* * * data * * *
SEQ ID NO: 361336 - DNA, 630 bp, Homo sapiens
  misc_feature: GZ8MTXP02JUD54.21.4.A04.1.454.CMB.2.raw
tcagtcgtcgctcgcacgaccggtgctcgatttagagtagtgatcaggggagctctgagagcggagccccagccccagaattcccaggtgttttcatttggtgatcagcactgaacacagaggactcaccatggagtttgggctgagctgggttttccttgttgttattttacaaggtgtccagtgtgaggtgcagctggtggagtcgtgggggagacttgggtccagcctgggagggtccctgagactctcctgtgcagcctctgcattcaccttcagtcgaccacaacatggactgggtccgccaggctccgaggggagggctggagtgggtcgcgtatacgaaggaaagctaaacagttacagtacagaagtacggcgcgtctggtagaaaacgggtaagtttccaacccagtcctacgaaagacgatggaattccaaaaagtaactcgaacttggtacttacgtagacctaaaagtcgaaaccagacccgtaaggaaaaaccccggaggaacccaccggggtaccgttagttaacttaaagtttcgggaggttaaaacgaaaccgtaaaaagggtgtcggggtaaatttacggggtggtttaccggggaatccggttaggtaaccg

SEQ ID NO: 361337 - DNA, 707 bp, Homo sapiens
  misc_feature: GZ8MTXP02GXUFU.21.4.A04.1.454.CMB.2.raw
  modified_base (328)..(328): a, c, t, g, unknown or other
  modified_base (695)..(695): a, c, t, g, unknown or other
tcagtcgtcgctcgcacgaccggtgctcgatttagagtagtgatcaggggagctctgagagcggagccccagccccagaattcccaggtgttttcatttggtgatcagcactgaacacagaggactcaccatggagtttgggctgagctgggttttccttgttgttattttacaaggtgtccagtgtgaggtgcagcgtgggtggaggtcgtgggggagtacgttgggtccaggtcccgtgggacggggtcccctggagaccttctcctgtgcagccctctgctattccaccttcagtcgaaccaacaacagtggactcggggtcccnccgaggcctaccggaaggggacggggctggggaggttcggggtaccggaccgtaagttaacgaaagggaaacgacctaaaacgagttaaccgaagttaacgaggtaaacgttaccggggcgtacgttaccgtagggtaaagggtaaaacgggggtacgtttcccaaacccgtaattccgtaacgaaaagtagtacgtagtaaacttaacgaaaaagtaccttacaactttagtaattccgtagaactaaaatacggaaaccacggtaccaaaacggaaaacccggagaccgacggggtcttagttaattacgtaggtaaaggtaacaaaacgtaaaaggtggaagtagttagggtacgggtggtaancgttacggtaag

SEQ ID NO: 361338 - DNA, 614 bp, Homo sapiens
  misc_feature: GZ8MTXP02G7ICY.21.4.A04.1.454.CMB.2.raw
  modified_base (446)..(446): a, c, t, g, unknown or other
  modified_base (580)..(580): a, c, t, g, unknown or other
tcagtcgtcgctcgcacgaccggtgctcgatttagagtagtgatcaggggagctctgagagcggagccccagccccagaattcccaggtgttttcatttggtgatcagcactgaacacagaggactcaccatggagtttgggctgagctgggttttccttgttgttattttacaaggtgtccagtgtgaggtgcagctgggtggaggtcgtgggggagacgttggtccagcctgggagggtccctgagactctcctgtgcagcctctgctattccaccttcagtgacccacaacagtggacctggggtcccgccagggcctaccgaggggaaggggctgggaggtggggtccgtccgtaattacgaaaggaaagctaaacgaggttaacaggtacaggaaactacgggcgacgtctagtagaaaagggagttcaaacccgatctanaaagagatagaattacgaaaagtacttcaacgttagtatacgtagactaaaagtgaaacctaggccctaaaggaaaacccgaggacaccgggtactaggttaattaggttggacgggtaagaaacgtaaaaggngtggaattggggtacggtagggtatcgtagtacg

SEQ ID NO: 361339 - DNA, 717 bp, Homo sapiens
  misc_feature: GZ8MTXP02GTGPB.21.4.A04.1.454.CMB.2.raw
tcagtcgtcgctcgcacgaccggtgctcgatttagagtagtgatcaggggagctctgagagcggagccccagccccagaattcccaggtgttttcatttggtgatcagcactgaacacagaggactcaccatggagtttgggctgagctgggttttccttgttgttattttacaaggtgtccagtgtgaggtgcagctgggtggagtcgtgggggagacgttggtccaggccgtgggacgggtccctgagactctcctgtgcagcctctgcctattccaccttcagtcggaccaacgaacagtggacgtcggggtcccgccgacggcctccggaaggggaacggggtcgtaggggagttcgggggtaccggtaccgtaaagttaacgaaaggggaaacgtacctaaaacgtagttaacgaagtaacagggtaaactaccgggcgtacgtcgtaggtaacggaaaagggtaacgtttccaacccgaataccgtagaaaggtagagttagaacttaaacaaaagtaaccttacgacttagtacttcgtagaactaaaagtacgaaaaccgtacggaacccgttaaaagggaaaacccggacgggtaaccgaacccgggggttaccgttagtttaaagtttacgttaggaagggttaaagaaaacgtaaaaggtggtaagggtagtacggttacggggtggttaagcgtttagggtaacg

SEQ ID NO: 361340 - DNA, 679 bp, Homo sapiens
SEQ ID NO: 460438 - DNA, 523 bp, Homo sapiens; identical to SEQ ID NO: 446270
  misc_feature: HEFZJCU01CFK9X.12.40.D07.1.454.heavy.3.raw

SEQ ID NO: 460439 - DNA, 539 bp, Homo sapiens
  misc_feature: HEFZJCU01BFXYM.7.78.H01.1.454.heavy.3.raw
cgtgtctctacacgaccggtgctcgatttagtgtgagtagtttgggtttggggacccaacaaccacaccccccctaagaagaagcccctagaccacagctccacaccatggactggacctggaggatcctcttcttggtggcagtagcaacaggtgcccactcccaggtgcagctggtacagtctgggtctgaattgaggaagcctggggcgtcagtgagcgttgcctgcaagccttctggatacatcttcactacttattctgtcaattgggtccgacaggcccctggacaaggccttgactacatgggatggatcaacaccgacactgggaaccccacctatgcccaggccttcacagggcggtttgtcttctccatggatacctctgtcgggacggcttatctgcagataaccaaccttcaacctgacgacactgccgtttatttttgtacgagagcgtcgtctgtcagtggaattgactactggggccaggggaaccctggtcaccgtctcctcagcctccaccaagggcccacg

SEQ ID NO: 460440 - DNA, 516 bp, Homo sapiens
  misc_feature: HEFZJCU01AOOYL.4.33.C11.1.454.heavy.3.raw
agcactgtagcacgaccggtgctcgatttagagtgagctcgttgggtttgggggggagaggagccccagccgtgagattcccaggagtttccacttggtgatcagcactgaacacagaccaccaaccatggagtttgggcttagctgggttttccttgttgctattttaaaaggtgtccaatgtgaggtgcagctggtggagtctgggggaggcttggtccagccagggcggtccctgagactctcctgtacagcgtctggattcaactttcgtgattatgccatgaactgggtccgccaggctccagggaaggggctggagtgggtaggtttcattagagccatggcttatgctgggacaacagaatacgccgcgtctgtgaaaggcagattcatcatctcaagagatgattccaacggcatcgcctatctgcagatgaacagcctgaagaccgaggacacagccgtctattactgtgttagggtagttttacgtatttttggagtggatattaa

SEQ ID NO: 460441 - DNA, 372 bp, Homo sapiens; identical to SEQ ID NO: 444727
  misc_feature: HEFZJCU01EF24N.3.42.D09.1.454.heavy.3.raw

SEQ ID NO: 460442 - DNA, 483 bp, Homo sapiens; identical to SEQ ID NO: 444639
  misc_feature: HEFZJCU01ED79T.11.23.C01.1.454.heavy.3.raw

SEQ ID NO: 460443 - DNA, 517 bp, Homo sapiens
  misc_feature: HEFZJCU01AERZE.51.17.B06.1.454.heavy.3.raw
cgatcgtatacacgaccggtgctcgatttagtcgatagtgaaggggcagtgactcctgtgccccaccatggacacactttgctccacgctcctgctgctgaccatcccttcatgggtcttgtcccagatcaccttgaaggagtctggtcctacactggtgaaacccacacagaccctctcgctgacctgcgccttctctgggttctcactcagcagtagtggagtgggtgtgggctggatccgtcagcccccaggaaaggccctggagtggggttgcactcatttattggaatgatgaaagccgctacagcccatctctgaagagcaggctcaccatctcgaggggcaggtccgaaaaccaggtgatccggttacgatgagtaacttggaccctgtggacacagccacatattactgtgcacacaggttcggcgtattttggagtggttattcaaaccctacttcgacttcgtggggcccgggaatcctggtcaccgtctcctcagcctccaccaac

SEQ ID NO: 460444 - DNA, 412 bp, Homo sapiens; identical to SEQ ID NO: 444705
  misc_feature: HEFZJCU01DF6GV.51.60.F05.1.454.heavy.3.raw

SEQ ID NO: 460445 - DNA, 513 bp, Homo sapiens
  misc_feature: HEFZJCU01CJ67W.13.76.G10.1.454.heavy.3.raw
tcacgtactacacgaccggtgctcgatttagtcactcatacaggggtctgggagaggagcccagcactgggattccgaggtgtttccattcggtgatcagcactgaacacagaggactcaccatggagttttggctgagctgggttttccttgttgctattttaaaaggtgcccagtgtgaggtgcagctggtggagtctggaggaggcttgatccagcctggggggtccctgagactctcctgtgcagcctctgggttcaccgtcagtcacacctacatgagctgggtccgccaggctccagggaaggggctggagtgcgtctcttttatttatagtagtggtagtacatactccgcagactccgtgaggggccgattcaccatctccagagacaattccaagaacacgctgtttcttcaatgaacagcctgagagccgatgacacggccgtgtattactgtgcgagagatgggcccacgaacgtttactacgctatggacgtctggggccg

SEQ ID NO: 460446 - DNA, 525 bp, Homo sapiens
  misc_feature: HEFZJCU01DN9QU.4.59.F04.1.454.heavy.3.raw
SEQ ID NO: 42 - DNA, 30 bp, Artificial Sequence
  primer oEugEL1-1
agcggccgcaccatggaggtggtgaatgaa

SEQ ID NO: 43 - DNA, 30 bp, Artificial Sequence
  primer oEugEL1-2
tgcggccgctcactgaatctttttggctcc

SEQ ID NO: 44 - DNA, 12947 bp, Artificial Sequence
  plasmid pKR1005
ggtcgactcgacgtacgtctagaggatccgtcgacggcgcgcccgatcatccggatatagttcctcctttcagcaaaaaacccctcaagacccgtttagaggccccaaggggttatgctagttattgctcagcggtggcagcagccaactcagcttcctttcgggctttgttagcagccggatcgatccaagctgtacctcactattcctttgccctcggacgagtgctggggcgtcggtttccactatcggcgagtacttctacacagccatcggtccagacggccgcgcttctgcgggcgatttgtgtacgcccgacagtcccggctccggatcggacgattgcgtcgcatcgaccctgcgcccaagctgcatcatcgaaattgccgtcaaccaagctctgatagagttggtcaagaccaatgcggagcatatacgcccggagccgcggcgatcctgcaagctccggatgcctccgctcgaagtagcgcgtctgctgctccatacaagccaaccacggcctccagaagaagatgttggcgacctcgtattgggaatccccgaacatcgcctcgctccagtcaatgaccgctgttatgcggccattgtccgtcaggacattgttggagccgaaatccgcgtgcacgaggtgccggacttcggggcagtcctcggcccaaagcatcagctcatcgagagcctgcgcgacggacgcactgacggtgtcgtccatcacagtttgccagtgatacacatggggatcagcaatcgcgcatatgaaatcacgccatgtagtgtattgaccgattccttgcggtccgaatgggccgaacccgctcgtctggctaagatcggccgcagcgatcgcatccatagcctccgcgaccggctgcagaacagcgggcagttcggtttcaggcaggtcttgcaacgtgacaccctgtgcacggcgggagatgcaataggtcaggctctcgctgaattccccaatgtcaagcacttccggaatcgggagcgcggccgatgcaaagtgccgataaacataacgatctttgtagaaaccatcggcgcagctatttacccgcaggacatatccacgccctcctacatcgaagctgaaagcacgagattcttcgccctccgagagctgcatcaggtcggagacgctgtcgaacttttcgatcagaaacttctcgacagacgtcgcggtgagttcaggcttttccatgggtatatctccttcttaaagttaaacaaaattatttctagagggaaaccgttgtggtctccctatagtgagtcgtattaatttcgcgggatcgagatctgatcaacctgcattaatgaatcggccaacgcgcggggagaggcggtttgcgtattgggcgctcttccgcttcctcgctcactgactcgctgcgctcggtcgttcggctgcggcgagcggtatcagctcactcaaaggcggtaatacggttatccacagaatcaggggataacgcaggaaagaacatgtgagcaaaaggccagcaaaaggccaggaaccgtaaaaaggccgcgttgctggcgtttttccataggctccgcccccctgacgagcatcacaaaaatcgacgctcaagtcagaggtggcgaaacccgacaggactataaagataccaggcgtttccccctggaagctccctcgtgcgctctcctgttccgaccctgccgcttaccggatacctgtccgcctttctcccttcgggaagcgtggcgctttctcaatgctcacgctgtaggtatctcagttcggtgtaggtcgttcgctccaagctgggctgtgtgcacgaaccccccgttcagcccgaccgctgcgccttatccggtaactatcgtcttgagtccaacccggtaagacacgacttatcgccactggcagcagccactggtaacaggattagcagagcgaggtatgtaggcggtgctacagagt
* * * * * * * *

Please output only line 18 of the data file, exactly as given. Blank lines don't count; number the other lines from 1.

SEQ ID NO: 460438 - DNA, 523 bp, Homo sapiens; identical to SEQ ID NO: 446270